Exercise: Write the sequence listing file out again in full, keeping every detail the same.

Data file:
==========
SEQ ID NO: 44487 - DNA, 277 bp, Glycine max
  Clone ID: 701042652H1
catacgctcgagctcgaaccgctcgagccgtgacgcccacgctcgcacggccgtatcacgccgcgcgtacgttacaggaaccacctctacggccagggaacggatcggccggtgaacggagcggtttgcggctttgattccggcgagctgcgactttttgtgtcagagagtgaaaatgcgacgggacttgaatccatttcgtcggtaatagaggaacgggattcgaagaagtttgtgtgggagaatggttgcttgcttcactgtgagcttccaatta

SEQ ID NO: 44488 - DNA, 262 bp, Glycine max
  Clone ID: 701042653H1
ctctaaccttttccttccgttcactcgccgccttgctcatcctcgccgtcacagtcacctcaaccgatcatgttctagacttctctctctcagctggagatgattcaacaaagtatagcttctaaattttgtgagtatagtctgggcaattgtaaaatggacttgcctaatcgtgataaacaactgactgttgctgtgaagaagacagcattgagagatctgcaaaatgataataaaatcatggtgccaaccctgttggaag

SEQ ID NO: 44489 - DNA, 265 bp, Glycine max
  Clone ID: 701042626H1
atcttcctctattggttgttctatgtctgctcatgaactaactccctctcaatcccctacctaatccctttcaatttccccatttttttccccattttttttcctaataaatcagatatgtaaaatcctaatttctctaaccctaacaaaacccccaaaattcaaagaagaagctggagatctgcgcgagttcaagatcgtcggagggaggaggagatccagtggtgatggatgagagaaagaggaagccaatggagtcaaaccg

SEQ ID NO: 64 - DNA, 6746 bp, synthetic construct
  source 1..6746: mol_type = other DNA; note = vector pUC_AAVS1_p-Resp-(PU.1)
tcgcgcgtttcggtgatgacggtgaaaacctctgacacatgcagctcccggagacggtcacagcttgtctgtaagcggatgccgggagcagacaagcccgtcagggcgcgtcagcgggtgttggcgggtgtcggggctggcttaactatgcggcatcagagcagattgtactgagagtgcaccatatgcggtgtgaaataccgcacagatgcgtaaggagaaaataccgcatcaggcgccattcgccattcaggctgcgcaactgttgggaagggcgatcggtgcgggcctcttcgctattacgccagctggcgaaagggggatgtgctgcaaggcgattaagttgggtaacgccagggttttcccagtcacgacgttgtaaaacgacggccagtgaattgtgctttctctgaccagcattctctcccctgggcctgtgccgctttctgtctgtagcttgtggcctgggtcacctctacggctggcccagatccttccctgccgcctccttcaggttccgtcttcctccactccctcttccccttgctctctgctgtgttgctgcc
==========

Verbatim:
SEQ ID NO: 44487 - DNA, 277 bp, Glycine max
  Clone ID: 701042652H1
catacgctcgagctcgaaccgctcgagccgtgacgcccacgctcgcacggccgtatcacgccgcgcgtacgttacaggaaccacctctacggccagggaacggatcggccggtgaacggagcggtttgcggctttgattccggcgagctgcgactttttgtgtcagagagtgaaaatgcgacgggacttgaatccatttcgtcggtaatagaggaacgggattcgaagaagtttgtgtgggagaatggttgcttgcttcactgtgagcttccaatta

SEQ ID NO: 44488 - DNA, 262 bp, Glycine max
  Clone ID: 701042653H1
ctctaaccttttccttccgttcactcgccgccttgctcatcctcgccgtcacagtcacctcaaccgatcatgttctagacttctctctctcagctggagatgattcaacaaagtatagcttctaaattttgtgagtatagtctgggcaattgtaaaatggacttgcctaatcgtgataaacaactgactgttgctgtgaagaagacagcattgagagatctgcaaaatgataataaaatcatggtgccaaccctgttggaag

SEQ ID NO: 44489 - DNA, 265 bp, Glycine max
  Clone ID: 701042626H1
atcttcctctattggttgttctatgtctgctcatgaactaactccctctcaatcccctacctaatccctttcaatttccccatttttttccccattttttttcctaataaatcagatatgtaaaatcctaatttctctaaccctaacaaaacccccaaaattcaaagaagaagctggagatctgcgcgagttcaagatcgtcggagggaggaggagatccagtggtgatggatgagagaaagaggaagccaatggagtcaaaccg

SEQ ID NO: 64 - DNA, 6746 bp, synthetic construct
  source 1..6746: mol_type = other DNA; note = vector pUC_AAVS1_p-Resp-(PU.1)
tcgcgcgtttcggtgatgacggtgaaaacctctgacacatgcagctcccggagacggtcacagcttgtctgtaagcggatgccgggagcagacaagcccgtcagggcgcgtcagcgggtgttggcgggtgtcggggctggcttaactatgcggcatcagagcagattgtactgagagtgcaccatatgcggtgtgaaataccgcacagatgcgtaaggagaaaataccgcatcaggcgccattcgccattcaggctgcgcaactgttgggaagggcgatcggtgcgggcctcttcgctattacgccagctggcgaaagggggatgtgctgcaaggcgattaagttgggtaacgccagggttttcccagtcacgacgttgtaaaacgacggccagtgaattgtgctttctctgaccagcattctctcccctgggcctgtgccgctttctgtctgtagcttgtggcctgggtcacctctacggctggcccagatccttccctgccgcctccttcaggttccgtcttcctccactccctcttccccttgctctctgctgtgttgctgcc